Born 1974, Adelaide, South Australia
The condition of silence and the depiction of absence are two of the most potent devices in the avant–garde repertoire, not unbefitting of the secret codes of modern art. The installation work of Sally-Ann Rowland is a chip off the old psychoanalytic block, a kind of waiting game in which all but the most minimal of narrative devices situate the work on the edges of memory – a mnemonic event–horizon, where time and space take on the qualities of slippage not unlike those experienced by Dave, the spaceman in 2001 – A Space Oddessy.
It's hard to imagine there was a subconscious prior to the analogical conjunction of dwelling places and the mind. The sparse anonymous room in which, "Real objects are altered, the familiar imbued with a strangeness that occurs in dreams", * is a potent signifier of the unconscious whose secret occupant is invariably absent yet whose apparent presence is indicated in the few objects that populate the 'space', but which are perversely thwarted in their state of becoming; books with two spines, drawers without handles and chess pieces in treacle, the absent kings rendering the game futile and unending.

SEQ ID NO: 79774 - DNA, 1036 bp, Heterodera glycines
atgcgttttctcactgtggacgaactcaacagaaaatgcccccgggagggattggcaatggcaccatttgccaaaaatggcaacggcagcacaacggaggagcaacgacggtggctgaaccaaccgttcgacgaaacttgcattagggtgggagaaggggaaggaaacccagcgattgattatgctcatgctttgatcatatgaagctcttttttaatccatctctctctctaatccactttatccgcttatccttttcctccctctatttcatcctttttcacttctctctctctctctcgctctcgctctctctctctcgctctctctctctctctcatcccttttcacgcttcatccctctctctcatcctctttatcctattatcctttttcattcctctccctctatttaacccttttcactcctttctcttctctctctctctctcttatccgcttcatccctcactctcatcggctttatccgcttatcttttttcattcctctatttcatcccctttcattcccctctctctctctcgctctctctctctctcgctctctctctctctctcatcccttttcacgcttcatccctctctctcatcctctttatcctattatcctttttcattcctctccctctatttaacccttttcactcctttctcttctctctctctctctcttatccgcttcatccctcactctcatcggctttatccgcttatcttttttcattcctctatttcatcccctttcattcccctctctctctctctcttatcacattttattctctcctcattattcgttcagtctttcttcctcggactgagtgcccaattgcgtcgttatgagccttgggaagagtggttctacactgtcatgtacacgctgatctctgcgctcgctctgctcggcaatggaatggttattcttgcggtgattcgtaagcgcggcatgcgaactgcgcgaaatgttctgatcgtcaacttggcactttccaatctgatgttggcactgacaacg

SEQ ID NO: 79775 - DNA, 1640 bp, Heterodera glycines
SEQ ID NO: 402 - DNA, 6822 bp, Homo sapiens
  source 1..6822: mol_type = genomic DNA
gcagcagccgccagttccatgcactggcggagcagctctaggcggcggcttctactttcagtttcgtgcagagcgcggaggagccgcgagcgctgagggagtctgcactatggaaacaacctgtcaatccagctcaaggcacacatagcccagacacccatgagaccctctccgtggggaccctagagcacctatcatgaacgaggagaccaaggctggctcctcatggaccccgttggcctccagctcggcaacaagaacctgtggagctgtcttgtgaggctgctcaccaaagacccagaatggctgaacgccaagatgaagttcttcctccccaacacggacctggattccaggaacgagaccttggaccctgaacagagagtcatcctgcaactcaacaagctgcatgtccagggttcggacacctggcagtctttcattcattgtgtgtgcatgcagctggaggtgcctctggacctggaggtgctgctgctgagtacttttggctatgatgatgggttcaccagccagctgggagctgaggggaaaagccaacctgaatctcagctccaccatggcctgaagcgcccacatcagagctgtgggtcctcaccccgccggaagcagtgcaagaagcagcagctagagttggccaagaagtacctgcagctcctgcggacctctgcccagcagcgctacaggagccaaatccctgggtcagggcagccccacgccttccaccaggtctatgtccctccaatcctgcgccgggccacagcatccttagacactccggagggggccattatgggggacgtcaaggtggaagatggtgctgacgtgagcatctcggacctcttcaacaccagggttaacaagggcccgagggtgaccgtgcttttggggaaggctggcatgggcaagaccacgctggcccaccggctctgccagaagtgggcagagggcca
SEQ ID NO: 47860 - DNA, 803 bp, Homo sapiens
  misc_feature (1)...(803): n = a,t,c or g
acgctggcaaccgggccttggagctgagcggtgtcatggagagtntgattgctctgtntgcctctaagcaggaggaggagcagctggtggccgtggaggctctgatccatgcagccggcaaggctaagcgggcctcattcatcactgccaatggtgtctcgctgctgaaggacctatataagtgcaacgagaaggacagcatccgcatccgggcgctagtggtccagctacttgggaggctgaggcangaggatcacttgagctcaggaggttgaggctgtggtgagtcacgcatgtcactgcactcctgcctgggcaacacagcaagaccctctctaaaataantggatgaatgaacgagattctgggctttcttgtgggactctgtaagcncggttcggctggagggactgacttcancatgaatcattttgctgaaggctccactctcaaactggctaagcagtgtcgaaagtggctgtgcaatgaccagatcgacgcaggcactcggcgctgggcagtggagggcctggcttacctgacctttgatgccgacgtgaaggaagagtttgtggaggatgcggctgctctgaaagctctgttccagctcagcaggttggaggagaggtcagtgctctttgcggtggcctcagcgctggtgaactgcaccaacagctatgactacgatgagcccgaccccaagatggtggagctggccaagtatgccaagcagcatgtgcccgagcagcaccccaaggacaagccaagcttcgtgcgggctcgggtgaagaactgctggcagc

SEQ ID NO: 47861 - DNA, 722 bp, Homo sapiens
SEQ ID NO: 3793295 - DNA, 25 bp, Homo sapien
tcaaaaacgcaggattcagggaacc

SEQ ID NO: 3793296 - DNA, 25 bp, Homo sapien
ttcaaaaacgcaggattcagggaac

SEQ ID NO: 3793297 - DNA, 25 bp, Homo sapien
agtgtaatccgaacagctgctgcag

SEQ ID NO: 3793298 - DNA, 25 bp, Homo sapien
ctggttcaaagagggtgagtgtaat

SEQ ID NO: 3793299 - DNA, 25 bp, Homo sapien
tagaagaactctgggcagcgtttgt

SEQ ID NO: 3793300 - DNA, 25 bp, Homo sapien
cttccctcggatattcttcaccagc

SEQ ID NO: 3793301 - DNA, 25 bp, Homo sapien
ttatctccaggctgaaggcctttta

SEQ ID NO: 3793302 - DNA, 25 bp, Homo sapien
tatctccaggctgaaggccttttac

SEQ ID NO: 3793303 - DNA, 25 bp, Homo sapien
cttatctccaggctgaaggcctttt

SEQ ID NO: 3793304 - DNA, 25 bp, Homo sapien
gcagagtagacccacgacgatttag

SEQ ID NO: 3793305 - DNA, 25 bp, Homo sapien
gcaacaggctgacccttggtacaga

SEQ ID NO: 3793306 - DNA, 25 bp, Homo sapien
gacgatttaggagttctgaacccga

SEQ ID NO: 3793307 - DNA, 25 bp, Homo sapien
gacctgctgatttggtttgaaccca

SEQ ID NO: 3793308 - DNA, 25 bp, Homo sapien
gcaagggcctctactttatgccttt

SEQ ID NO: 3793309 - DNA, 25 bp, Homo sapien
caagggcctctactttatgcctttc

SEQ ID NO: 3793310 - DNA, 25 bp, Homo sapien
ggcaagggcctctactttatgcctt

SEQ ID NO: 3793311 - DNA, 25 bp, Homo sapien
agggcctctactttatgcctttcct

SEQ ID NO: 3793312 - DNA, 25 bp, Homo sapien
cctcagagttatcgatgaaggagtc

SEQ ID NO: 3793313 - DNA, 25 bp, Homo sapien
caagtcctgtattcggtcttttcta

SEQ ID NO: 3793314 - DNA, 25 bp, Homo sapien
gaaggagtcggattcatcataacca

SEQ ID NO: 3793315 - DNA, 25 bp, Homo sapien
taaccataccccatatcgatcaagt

This work is more beautiful than it is bleak, more ingenious than existential, and the engagement it desires is aligned more with the politics of identity than the dialectics of isolation.
James Moss from his Samstag catalogue essay, The World is not Enough
2000 Anne & Gordon Samstag International Visual Arts Scholarship
2000 MFA, Columbia University, New York, USA
1997 Bachelor of Visual Arts, South Australian School of Art, University of South Australia, Adelaide
1996 Bachelor of Arts (Honours), The University of Adelaide